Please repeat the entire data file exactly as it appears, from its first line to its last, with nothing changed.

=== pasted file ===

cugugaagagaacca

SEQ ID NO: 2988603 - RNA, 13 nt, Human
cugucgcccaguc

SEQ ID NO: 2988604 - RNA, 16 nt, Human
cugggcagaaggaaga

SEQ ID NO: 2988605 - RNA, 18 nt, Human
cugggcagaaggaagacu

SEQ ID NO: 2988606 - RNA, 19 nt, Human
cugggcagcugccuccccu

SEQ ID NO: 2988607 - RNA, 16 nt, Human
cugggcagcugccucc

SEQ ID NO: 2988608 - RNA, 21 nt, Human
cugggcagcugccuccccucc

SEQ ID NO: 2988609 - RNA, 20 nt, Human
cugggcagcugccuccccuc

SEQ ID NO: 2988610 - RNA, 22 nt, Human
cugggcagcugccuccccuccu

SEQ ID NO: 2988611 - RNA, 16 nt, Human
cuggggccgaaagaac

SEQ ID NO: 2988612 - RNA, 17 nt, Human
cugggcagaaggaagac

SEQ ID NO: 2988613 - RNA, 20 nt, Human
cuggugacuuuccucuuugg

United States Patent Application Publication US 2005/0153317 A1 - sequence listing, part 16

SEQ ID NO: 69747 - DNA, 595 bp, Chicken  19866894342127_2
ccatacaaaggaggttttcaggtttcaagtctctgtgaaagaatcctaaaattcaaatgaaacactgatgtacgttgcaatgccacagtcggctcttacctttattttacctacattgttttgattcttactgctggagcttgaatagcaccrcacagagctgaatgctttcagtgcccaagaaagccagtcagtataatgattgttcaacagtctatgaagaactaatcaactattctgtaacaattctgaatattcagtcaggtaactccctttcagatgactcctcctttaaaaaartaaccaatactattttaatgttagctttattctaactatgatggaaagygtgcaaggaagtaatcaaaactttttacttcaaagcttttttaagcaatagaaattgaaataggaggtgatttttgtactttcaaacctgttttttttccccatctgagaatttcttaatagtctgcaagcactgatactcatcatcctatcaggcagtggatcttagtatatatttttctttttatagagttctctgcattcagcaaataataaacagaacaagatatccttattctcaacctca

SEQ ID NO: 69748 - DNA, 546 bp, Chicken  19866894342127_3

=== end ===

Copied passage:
cugugaagagaacca

SEQ ID NO: 2988603 - RNA, 13 nt, Human
cugucgcccaguc

SEQ ID NO: 2988604 - RNA, 16 nt, Human
cugggcagaaggaaga

SEQ ID NO: 2988605 - RNA, 18 nt, Human
cugggcagaaggaagacu

SEQ ID NO: 2988606 - RNA, 19 nt, Human
cugggcagcugccuccccu

SEQ ID NO: 2988607 - RNA, 16 nt, Human
cugggcagcugccucc

SEQ ID NO: 2988608 - RNA, 21 nt, Human
cugggcagcugccuccccucc

SEQ ID NO: 2988609 - RNA, 20 nt, Human
cugggcagcugccuccccuc

SEQ ID NO: 2988610 - RNA, 22 nt, Human
cugggcagcugccuccccuccu

SEQ ID NO: 2988611 - RNA, 16 nt, Human
cuggggccgaaagaac

SEQ ID NO: 2988612 - RNA, 17 nt, Human
cugggcagaaggaagac

SEQ ID NO: 2988613 - RNA, 20 nt, Human
cuggugacuuuccucuuugg

United States Patent Application Publication US 2005/0153317 A1 - sequence listing, part 16

SEQ ID NO: 69747 - DNA, 595 bp, Chicken  19866894342127_2
ccatacaaaggaggttttcaggtttcaagtctctgtgaaagaatcctaaaattcaaatgaaacactgatgtacgttgcaatgccacagtcggctcttacctttattttacctacattgttttgattcttactgctggagcttgaatagcaccrcacagagctgaatgctttcagtgcccaagaaagccagtcagtataatgattgttcaacagtctatgaagaactaatcaactattctgtaacaattctgaatattcagtcaggtaactccctttcagatgactcctcctttaaaaaartaaccaatactattttaatgttagctttattctaactatgatggaaagygtgcaaggaagtaatcaaaactttttacttcaaagcttttttaagcaatagaaattgaaataggaggtgatttttgtactttcaaacctgttttttttccccatctgagaatttcttaatagtctgcaagcactgatactcatcatcctatcaggcagtggatcttagtatatatttttctttttatagagttctctgcattcagcaaataataaacagaacaagatatccttattctcaacctca

SEQ ID NO: 69748 - DNA, 546 bp, Chicken  19866894342127_3